De-valuation of classic neutrality: Finland and Sweden in the NATO

by | Mar 12, 2024

Sweden – and Finland – had started to express interest in joining the NATO in 2022, due to the Russian invasion of Ukraine, and while the vast majority of NATO members welcomed the intention, Turkey and Hungary were reluctant to formally approve their accession for a long time – while consented to their formal invitation by all NATO member states, which is a necessary requirement.

The accession protocols between Finland, Sweden and the NATO member states – separate international treaties about their accession – have been quickly signed and sent for ratification to the member states. In Hungary that has meant two separate laws (on the accession of the two states) have been submitted to the Hungarian Parliament in July 2022. The Finnish accession was ratified by the Parliament at the end of March 2023 with an overwhelming majority (182 yes, 6 no votes and no abstentions), but the Swedish accession has got stuck for a long time. Just as in Turkey.

A long story of accession of Sweden

Turkey has made its intentions – demands – clear from the beginning: it wanted access to new F-16 jets from the US and the Swedish government to step up against Kurdish political actors enjoying some support from Stockholm. When these demands have met, the Turkish Parliament has also consented to the Swedish accession.

At the same time, the Hungarian government has been silent on actual conditions of support, what’s more, it has constantly been communicating its support of the process, pointing the finger at the Hungarian Parliament, stating that it is reluctant to support the process. But its messages have been puzzled, at best. First of all, nobody has taken the arguments about the “independence” of the Hungarian Parliament seriously, considering the fact that the elected body with a two-third majority of Viktor Orbán’s party has been completely silent and collaborative on every single issue during the past 14 years, including governmental steps to completely empty its powers with the introduction of various “states of emergency”, related to the migration crisis, to the COVID pandemic, or to the war in Ukraine. Add this to the overall doubts about the state of rule of law in Hungary, these governmental arguments have not been considered credible by anybody.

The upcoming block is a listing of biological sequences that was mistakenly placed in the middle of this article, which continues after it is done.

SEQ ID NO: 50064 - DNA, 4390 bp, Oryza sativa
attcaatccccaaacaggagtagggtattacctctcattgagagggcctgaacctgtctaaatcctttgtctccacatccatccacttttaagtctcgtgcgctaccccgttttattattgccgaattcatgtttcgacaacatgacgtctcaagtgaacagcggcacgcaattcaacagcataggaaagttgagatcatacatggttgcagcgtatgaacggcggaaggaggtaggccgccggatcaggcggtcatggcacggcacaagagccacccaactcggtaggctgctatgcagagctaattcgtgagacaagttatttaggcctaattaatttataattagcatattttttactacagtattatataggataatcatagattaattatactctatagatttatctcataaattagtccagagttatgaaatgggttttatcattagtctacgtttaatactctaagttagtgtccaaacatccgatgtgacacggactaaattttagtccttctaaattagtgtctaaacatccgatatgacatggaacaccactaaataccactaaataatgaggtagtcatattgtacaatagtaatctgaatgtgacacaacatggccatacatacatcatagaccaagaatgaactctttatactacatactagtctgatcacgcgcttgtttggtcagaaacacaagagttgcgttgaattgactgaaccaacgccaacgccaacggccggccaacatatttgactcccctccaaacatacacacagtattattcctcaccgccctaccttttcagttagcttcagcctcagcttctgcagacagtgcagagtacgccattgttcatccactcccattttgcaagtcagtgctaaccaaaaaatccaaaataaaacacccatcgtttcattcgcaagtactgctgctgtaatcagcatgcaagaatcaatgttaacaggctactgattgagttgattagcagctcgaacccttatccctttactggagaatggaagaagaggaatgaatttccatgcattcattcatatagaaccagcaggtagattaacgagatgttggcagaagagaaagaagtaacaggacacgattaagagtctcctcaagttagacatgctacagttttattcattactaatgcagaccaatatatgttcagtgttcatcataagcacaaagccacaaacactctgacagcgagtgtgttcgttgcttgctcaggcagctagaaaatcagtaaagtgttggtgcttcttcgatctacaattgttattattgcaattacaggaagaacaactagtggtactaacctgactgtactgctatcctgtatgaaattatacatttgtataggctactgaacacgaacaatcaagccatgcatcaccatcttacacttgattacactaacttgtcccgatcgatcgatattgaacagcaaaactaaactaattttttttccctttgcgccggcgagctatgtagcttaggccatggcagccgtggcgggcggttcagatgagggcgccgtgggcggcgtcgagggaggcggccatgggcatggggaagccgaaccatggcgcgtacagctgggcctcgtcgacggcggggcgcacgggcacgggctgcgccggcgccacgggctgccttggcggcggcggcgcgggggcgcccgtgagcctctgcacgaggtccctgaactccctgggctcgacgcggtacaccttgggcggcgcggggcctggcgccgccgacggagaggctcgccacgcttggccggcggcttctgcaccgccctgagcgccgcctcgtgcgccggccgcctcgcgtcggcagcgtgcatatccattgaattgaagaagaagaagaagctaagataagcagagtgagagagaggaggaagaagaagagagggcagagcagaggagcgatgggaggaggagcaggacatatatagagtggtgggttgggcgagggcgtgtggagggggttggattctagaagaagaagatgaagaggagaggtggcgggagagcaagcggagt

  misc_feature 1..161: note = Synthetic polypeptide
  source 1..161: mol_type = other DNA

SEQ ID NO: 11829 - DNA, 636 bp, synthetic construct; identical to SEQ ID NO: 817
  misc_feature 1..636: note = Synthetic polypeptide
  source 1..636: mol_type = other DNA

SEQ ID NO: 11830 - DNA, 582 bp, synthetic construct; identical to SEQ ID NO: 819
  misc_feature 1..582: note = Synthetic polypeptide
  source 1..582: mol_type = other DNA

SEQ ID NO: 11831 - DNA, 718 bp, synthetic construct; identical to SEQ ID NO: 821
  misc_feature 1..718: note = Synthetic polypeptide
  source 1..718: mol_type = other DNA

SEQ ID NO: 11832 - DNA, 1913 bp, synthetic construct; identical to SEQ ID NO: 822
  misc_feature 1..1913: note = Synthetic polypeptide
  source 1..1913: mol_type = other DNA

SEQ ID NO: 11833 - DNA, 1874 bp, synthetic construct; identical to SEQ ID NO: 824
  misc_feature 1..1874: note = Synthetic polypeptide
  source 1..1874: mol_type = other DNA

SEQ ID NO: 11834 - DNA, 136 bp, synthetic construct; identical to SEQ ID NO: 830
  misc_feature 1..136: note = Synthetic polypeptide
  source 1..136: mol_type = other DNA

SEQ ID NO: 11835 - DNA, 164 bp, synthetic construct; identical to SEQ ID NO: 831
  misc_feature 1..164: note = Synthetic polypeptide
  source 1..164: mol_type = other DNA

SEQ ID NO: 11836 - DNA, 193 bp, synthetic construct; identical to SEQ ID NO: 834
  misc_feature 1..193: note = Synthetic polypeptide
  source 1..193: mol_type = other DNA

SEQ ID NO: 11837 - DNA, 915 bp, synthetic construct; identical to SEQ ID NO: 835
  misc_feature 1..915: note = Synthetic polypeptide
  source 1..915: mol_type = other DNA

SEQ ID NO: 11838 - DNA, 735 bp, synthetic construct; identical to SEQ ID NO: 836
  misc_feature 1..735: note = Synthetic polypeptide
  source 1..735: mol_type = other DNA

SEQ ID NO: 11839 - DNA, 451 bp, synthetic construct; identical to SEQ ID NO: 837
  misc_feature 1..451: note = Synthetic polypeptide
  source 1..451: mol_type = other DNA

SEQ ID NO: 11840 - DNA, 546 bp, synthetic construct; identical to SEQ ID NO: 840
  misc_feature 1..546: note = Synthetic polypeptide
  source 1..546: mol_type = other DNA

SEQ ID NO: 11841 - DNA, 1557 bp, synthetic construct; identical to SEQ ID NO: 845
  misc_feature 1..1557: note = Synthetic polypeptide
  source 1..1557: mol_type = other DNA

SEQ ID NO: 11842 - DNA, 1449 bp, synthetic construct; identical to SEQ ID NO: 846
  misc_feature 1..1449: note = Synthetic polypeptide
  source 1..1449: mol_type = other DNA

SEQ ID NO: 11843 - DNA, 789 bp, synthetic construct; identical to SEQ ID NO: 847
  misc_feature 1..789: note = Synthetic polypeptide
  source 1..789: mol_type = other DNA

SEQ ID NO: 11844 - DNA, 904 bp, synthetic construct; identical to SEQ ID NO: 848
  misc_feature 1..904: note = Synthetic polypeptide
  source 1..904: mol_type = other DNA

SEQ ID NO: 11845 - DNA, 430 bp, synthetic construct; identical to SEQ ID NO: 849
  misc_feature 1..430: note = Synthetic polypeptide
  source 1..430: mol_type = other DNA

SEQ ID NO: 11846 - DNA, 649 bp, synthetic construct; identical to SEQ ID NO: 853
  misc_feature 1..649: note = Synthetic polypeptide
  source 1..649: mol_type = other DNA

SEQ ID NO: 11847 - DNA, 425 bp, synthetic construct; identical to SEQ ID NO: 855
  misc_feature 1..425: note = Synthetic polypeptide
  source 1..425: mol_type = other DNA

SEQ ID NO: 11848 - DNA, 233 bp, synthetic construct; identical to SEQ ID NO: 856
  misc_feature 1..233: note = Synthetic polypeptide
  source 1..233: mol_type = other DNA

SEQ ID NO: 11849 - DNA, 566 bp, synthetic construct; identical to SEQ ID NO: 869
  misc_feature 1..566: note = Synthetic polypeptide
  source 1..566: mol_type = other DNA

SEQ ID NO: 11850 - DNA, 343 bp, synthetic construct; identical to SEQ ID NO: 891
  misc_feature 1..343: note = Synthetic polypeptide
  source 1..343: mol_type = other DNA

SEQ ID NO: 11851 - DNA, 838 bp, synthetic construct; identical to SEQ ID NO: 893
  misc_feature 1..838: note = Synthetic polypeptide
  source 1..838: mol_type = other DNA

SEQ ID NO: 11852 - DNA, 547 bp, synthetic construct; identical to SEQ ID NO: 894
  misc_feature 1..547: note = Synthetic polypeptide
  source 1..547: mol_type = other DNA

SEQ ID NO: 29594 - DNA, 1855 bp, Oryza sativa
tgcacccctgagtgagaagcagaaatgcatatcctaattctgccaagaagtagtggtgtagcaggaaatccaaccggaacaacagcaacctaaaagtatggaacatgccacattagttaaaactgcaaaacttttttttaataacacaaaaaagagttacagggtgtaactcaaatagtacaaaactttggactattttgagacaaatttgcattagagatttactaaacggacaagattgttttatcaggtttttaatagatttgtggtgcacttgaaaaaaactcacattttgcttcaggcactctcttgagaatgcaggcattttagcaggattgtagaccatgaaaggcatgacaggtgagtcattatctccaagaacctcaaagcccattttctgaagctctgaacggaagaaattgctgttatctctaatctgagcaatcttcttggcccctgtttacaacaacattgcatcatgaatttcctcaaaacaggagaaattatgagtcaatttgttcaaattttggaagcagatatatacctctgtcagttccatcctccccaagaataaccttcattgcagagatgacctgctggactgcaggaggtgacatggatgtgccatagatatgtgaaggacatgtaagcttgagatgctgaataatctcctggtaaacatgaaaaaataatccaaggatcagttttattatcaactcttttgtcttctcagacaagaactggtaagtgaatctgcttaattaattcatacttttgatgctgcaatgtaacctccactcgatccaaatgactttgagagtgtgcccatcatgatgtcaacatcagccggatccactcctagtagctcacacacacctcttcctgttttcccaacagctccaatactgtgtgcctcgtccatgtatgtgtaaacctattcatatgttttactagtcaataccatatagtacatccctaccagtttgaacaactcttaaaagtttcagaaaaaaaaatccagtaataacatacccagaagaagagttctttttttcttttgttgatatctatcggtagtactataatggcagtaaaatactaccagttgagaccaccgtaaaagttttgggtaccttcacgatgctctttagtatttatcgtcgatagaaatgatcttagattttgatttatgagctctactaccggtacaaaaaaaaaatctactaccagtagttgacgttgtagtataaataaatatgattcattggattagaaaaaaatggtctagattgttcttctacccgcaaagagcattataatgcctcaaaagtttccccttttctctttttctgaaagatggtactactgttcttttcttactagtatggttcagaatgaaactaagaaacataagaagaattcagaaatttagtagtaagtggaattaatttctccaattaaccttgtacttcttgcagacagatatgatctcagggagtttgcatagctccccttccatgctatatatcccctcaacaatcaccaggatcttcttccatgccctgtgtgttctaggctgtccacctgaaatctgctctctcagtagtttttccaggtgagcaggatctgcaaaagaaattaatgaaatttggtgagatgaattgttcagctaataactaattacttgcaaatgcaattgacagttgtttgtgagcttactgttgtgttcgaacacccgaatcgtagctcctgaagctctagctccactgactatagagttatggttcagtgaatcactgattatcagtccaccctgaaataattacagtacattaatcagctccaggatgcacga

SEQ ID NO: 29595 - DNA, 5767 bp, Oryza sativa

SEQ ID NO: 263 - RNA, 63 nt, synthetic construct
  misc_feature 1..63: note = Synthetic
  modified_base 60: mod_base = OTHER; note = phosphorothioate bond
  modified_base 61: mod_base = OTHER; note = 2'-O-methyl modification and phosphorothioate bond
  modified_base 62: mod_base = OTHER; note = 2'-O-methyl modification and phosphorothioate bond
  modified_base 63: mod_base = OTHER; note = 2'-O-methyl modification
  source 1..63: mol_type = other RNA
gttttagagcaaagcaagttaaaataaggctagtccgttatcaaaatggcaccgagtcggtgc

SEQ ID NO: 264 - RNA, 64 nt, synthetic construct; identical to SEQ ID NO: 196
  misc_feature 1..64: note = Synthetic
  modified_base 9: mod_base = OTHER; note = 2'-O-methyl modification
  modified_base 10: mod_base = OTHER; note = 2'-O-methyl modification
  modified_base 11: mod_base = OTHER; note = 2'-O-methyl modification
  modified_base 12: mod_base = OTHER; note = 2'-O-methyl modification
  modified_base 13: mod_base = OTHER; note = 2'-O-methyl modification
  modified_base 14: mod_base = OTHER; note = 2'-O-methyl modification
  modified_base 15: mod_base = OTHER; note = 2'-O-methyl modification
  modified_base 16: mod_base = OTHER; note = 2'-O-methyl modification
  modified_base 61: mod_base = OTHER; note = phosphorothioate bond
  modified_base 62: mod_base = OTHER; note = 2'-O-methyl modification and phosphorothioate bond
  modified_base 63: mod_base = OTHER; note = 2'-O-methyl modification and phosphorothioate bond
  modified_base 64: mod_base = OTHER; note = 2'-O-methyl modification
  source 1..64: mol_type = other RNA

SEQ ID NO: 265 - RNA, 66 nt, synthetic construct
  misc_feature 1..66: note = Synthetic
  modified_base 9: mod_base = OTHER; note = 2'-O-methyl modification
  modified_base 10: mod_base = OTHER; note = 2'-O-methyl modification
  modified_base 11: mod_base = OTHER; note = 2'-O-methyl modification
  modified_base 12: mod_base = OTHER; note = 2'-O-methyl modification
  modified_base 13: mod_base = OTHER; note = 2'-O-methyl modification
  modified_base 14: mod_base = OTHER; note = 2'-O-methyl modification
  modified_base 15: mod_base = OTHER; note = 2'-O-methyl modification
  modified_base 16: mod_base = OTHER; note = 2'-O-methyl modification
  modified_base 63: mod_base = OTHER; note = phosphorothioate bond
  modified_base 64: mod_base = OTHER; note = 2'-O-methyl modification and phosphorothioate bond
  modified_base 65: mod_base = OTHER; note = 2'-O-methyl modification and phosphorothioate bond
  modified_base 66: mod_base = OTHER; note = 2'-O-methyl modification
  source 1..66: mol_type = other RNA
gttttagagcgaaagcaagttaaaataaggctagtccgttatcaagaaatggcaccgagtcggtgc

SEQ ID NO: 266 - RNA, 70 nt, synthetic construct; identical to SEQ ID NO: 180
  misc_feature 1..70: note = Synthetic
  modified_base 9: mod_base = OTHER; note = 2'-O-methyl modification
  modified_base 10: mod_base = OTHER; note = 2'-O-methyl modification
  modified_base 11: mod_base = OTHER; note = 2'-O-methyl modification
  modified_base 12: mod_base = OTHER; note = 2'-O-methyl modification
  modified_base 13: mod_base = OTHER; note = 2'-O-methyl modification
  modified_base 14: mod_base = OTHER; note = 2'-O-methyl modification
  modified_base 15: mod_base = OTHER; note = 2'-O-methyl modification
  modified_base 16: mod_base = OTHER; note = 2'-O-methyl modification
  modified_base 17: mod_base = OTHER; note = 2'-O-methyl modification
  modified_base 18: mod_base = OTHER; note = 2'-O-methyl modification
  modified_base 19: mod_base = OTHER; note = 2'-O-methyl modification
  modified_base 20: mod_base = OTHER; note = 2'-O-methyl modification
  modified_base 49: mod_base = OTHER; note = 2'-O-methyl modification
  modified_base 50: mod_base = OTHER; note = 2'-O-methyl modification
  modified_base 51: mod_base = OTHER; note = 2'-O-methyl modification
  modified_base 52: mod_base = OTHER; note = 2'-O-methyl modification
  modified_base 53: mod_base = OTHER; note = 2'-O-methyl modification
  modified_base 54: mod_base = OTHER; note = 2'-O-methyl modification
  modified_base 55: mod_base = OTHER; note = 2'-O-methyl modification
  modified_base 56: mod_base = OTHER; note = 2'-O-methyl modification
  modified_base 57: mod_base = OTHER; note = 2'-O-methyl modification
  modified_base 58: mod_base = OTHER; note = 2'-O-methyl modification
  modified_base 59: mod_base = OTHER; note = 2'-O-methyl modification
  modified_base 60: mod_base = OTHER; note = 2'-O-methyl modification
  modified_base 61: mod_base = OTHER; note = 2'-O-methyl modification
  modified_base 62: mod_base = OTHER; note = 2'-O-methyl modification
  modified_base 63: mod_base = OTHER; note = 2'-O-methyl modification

Second, the government itself has produced some hectic communication on the matter, citing for example that Sweden “does not show enough respect”, being politically critical towards the government of Hungary, mentioning e.g. television shows on Swedish public channels being critical towards Hungary, and some vague complaints about the lack of respect and trust, which would be essential in an allied relationship like NATO membership (ignoring the fact that for example the Hungarian Air Force is nearly exclusively depending on the Swedish JAS-39 Gripen jets, which had been acquired by an earlier government of Viktor Orbán), always arguing, that all of this has caused tensions among the ranks of the members of Parliament in the faction of the governing party. Which later turned to be totally false, as the problem has seemingly gone away in a second, when there was a political solution…

The actual reason of reluctancy of the Hungarian government must be found probably somewhere else. Sweden has held the rotating presidency of the Council of the European Union in the second half of 2023, being responsible for the setting of the agenda of the Council. The Article 7 procedure against Hungary has been going on since 2018, and seemingly got into a deadlock quite quickly, as the Council could never produce the needed 4/5 majority to advance the procedure to the next level. Knowing this, the Hungarian government has been pushing for quite a long time for the “conclusion” of the procedure (even demanding it publicly), practically meaning a vote – which it was planning to win, as anything other than the decision of advancing the procedure is a political victory for Viktor Orbán. Knowing this, the presidencies have never pushed the subject, considering it being better to stall and wait than giving a political victory to Orbán – until the Swedish presidency came, against which the Hungarian government could find a blackmailing position. Probably this was it.

Compared to the Turkish position, the main problem was that Erdogan has made his requirements clear, while Viktor Orbán has failed to do so – making the situation very hard to solve in a way that is politically workable. It is somewhat understandable. Using the institution of the rotating presidency for a state’s own political interests is something that nobody makes public.